A project engaging women to run solar battery charging stations could help provide reliable electricity to rural villages in Myanmar.
The power and automation technology group ABB will partner with Pact Myanmar to bring electricity in the form of solar power to approximately 3,500 individuals from villages in rural areas of Mandalay, Central Myanmar.
With an estimated population of 51 million, Myanmar is a newly emerging country that has a per capita GDP of only around US$1,105, one of the lowest in East Asia and the Pacific. At present, over 75 percent of inhabitants have no access to electricity of any form and rural communities account for two thirds of the total population.
The project was announced as the first round-the-world solar flight, Solar Impulse 2 (Si2), made its landing in Mandalay, Myanmar. ABB is the technology partner of this pioneering airplane, which can fly both day and night powered only by solar energy.
The project involves establishing solar battery charging stations to be run by women’s groups in remote villages in the Tada Oo township. Power from the stations will be sold back to communities, thus bringing economic self-sufficiency and entrepreneurship to the townships. Financial support will also be provided for villages to purchase photovoltaic equipment at the community level.
For most villagers in these communities this will be the first time they will have reliable access to electricity. Through renewable energy, they will now be able to power lighting and small electrical applicances.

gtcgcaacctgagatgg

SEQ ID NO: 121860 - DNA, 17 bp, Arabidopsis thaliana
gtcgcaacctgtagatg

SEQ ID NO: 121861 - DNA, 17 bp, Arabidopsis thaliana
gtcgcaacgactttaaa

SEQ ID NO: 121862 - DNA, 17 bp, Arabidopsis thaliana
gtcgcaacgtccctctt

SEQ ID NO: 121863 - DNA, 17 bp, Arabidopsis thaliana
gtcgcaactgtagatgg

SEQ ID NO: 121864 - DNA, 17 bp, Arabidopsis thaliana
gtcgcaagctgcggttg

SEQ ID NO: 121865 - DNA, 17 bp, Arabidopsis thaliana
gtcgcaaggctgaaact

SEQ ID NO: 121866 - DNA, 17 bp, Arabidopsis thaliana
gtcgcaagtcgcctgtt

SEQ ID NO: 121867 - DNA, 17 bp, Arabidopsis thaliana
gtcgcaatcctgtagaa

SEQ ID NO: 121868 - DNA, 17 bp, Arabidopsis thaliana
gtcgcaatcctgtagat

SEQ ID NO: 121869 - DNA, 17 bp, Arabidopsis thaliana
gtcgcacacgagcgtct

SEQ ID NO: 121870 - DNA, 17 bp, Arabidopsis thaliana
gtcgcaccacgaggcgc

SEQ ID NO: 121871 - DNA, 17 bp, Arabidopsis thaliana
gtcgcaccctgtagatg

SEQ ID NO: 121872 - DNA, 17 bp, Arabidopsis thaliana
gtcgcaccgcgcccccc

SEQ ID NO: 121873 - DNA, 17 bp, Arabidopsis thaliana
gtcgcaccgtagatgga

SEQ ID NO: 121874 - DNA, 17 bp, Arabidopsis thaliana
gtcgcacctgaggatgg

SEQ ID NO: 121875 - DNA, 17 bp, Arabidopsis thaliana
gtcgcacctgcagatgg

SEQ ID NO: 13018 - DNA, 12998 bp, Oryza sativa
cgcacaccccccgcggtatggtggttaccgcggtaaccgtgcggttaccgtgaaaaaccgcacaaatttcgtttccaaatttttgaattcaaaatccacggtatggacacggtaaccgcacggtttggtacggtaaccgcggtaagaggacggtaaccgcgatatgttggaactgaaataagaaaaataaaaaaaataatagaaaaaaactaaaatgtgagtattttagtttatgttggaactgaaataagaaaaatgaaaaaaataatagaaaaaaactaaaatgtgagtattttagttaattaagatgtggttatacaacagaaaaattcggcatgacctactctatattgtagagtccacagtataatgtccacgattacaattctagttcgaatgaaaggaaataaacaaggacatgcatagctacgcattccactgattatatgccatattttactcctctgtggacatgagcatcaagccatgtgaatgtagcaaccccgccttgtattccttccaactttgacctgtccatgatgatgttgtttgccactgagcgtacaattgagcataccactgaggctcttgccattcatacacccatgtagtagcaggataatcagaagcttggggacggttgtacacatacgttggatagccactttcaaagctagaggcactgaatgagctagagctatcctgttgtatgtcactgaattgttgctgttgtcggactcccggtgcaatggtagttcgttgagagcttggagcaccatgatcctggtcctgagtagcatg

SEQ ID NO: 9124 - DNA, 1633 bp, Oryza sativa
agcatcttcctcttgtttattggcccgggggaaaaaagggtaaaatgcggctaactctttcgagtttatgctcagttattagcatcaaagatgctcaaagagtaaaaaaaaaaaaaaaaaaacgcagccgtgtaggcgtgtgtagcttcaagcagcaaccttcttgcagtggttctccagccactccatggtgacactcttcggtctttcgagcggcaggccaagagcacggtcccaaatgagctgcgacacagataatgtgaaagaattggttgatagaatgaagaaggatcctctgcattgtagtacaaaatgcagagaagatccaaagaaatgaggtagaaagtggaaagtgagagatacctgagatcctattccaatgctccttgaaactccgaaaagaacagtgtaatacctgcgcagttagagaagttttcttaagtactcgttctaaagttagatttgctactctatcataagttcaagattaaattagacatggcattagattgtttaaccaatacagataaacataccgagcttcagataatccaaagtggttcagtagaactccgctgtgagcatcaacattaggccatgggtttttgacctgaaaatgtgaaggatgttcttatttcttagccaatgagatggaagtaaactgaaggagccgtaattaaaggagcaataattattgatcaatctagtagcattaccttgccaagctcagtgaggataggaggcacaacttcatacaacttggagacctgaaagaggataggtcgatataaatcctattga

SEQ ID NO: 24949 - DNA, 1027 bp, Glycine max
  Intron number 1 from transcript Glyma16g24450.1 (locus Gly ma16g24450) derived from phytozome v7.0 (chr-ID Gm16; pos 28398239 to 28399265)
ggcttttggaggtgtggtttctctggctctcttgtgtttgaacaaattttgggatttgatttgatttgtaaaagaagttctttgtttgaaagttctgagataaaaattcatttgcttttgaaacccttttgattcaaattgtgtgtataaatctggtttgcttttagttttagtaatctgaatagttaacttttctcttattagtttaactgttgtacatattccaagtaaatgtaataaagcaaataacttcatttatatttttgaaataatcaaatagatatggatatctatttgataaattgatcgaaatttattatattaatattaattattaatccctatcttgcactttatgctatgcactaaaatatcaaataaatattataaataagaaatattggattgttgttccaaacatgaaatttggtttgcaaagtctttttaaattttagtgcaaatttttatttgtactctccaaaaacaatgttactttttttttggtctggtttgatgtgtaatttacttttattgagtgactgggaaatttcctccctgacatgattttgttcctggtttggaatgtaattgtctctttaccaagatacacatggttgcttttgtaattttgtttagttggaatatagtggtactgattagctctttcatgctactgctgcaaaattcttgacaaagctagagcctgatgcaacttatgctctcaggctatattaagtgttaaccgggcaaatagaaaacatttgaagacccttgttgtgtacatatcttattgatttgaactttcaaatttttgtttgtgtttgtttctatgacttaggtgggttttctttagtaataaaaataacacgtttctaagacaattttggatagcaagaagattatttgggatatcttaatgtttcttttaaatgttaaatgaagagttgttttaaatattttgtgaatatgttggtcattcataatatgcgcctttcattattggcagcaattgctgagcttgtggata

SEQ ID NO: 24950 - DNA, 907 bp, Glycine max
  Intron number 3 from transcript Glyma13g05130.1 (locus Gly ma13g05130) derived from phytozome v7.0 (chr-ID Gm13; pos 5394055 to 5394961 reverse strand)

“Building up the energy infrastructure is essential to Myanmar’s future economic and social progress, and off-grid electrification is one way to accelerate access to electricity,” said Mr. Johan de Villiers, Managing Director of Singapore and South-East Asia, ABB.
Mr. Richard Harrison, Country Director of Pact Myanmar explained, “Pact is committed to partnering with communities and institutions to address the critical need for electricity in rural areas in Myanmar. Our project will help reduce routine community expenditures on more expensive traditional energy sources by up to 20 percent.”
“Once communities have access to reliable light and energy sources throughout the day and evening hours, they are more able to increase their standard of living, and will be able to allocate more time and resources to education, income generation, health and community development activities,” he said.
Daw Kyi of Kyaung Kone Village is excited about what this change means for their children. “Students will be able to study at night. This project promises a brighter future for our children,” she said.
This is the latest project in ABB’s Access to Electricity rural electrification program, with similar rural electrification projects in India and Tanzania. The program was developed as a response to the United Nations Global Compact which urged companies and organizations to provide greater assistance to least developed countries.
Source: Asian Scientist